Winter has just set in the desert state of Rajasthan and the friendly Tibetan refugees too have pitched their tent in the Pink City for the annual sale of warm clothes. From fashionable maxi coats, fluffy woolen tops to ultra-modern overcoats, winter wears are virtually heaped in the market, set up this time along the V. T. Road (Veer Tejaji Marg) in Mansarovar, Jaipur. This is the first time that the Tibetan market is here. In the previous years it used to be in Amriton ka Bagh and prior to that, in Chaugan Stadium in the Walled City.
The Tibetan market is here alright but the delicious momos, the creamy dumplings filled with meat and served with spicy chili chutney, so much associated with people of the Northeast, are missing. One can say with some nostalgia that it was the Tibetans who had introduced momos to the ordinary people of Jaipur. The authentic momo, whose aroma used to waft all over the market years back revving ones appetite, is being missed. There is one shop set up by a vendor from Shimla which is serving momos but with vegetable filling and cottage cheese. And that is only a poor consolation for the momo lovers.
It appears vegetarians hijacked a perfectly delicious dish and filled it with chunks of cabbage. “Of late, we aren't allowed to serve the non-vegetarian momos. The organisers of the Tibetan market have advised us strictly not to serve the creamy dumplings filling it with meat. We are not sure whether it is true or not but they say the people coming to buy from the market would object to the smell of non-vegetarian food. To avoid chaos organisers have advised us to serve vegetarian momos instead,” said Kelsand from Shimla while preparing his vegetarian version of momos.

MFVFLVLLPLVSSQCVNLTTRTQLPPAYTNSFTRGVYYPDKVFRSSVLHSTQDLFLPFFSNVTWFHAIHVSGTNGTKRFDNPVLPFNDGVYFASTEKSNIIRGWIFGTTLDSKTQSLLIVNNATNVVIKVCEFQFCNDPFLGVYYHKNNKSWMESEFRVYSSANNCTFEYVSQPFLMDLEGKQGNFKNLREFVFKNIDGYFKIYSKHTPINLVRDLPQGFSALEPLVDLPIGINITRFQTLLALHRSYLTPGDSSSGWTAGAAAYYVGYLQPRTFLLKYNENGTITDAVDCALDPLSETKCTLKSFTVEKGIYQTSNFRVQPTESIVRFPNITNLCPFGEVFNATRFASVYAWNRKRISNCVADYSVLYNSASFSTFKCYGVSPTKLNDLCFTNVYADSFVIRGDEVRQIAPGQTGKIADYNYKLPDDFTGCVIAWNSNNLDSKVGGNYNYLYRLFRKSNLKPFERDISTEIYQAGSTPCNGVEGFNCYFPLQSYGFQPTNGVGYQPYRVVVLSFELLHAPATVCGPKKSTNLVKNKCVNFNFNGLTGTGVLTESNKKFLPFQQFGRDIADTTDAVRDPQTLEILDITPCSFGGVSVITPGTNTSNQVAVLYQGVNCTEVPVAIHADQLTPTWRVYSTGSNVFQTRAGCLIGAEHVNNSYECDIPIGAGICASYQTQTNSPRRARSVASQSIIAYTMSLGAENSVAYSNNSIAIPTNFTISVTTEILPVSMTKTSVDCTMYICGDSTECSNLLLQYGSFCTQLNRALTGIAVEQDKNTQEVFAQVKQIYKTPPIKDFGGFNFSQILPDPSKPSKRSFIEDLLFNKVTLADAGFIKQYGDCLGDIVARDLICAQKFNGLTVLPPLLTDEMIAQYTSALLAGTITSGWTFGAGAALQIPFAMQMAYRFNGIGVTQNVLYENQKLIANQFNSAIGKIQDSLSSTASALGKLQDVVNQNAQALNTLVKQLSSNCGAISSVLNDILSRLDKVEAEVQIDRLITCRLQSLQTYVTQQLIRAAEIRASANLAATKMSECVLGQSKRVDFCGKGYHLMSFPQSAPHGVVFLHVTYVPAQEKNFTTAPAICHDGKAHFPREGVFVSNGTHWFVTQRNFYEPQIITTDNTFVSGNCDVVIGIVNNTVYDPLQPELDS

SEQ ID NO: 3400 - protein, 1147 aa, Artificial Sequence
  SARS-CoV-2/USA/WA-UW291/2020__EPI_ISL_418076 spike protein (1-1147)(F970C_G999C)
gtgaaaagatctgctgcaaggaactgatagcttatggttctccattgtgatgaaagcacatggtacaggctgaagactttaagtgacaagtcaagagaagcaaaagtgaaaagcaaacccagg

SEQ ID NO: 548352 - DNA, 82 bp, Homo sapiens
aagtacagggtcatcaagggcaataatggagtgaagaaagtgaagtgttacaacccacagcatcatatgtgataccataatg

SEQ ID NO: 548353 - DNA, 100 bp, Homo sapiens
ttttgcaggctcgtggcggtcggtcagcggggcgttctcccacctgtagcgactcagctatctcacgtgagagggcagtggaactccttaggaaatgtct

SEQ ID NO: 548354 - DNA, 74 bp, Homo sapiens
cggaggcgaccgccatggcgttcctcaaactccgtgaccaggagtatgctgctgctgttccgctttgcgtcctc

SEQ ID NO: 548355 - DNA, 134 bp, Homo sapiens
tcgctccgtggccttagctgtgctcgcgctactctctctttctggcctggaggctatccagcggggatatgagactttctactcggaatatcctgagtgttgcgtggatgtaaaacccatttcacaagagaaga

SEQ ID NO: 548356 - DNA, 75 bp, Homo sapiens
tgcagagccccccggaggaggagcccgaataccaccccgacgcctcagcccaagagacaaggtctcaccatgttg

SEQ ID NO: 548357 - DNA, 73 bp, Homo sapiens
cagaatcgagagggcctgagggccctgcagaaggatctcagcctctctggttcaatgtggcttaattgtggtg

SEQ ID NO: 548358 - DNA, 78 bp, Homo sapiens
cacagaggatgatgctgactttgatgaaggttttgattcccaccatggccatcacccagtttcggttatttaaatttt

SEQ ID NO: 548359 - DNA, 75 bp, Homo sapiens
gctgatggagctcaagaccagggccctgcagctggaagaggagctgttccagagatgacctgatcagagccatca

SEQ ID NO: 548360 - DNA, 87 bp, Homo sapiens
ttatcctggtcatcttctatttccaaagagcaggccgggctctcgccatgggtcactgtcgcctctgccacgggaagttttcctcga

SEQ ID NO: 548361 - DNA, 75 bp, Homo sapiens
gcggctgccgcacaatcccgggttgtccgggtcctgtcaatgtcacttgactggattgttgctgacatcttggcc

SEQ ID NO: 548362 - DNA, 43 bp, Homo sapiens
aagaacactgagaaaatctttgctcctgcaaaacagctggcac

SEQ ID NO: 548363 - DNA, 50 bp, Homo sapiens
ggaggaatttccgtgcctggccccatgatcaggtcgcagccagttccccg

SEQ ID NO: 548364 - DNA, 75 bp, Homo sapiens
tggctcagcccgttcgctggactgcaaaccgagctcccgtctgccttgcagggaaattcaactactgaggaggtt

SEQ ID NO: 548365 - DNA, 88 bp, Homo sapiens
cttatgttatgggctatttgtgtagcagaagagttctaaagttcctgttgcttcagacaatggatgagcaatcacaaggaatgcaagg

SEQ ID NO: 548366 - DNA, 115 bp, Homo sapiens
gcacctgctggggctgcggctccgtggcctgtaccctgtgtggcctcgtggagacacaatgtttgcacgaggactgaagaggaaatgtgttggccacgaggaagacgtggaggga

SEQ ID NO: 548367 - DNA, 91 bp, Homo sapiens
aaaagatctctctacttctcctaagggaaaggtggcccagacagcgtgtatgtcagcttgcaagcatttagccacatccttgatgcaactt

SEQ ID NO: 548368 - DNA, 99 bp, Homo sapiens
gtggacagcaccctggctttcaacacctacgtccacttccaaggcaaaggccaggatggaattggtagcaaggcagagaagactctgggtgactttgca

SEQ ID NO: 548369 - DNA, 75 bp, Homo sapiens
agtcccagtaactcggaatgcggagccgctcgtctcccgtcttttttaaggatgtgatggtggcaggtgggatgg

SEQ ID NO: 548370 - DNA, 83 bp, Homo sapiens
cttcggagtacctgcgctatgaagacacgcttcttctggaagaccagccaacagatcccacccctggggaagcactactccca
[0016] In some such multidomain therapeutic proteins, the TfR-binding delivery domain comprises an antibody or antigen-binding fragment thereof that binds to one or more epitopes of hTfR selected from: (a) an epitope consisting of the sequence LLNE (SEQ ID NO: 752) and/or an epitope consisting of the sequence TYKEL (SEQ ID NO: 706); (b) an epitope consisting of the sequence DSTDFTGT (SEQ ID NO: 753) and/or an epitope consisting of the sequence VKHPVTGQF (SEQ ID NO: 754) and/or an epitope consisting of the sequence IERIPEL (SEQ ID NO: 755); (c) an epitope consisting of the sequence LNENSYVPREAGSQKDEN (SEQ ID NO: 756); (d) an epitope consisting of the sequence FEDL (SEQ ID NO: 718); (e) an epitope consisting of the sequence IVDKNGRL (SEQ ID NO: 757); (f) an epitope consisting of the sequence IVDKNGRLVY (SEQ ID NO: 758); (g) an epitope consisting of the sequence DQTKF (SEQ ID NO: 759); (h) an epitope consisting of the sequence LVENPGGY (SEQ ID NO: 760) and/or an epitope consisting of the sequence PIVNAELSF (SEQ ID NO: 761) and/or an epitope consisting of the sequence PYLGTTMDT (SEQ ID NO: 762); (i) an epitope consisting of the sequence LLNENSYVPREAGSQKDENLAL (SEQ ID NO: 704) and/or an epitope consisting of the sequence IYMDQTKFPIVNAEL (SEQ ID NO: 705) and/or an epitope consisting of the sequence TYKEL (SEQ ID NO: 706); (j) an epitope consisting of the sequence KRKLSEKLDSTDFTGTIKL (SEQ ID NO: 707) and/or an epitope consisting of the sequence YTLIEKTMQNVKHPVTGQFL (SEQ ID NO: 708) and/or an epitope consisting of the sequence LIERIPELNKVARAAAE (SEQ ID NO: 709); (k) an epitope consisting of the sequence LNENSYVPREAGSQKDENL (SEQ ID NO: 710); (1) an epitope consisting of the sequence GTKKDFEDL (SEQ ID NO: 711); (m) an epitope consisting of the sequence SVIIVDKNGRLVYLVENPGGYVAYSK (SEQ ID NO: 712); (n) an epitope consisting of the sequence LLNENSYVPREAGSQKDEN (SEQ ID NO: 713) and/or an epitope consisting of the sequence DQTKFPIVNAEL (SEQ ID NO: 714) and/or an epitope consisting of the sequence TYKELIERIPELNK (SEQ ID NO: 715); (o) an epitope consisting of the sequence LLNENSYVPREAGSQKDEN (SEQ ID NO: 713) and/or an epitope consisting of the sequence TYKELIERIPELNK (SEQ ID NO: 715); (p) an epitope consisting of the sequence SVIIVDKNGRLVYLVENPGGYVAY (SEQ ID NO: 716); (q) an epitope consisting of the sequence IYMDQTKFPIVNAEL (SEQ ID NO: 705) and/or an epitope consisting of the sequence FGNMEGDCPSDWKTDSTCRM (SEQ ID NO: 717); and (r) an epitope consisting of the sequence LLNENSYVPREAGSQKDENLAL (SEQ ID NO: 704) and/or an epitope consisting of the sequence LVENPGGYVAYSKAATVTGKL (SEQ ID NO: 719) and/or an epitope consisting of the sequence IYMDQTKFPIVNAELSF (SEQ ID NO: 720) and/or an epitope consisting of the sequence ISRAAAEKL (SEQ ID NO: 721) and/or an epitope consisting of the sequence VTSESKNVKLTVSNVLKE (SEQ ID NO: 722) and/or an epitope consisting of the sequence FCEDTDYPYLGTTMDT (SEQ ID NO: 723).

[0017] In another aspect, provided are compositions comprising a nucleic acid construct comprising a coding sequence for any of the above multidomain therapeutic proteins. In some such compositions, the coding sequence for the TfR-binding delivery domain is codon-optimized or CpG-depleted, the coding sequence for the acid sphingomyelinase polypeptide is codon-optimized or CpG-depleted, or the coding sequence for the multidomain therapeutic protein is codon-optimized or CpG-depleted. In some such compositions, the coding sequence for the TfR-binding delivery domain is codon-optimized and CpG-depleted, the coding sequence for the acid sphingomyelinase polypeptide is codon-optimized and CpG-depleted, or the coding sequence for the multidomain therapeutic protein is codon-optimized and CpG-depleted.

While the tongue tickling assorted dumpling, popularised by the Tibetan community all over India, is restricted from entering the market ground there are two non-vegetarian biryani stalls right in front of the momo stall proudly serving the mixed rice dish with a banner proclaiming, 'Non-Vegetarian Biryani Served Here'. Barkat Ali, a vendor at the biryani stall, said, “This is the first time we have put up a stall and it has been three days. No one has so far objected to our selling biriyani here ”.
Waking up to the exceptions we spoke to the Vice-Pradhan of Tibet market Thundup from Dharamshala who has been a part of the three-month Tibetan market organised across Rajasthan (Jaipur, Udaipur, Kota and Jhunjhunu) every winter over four decades. In all praises of government and locals, Thundup denied giving any direction to the vendors for not preparing the meat dumplings. He said, “The traditional meat dumpling was being prepared by the Tibetans here for themselves and later they started selling it to the visitors as well. But it has been two years now that they haven't participated in the exhibition and hence it is not being served.” He blamed the absence of workforce for the missing momo kiosks in the Tibetan market rather than any ban.
He also shared the information that that there are 250 kiosks selling latest fashion long sweaters, overcoats and designer shawls, leather jackets, sweatshirts, sweaters, mufflers and even blankets. The market is decked up with radiant coloured woolen garments, all sold at a fixed price.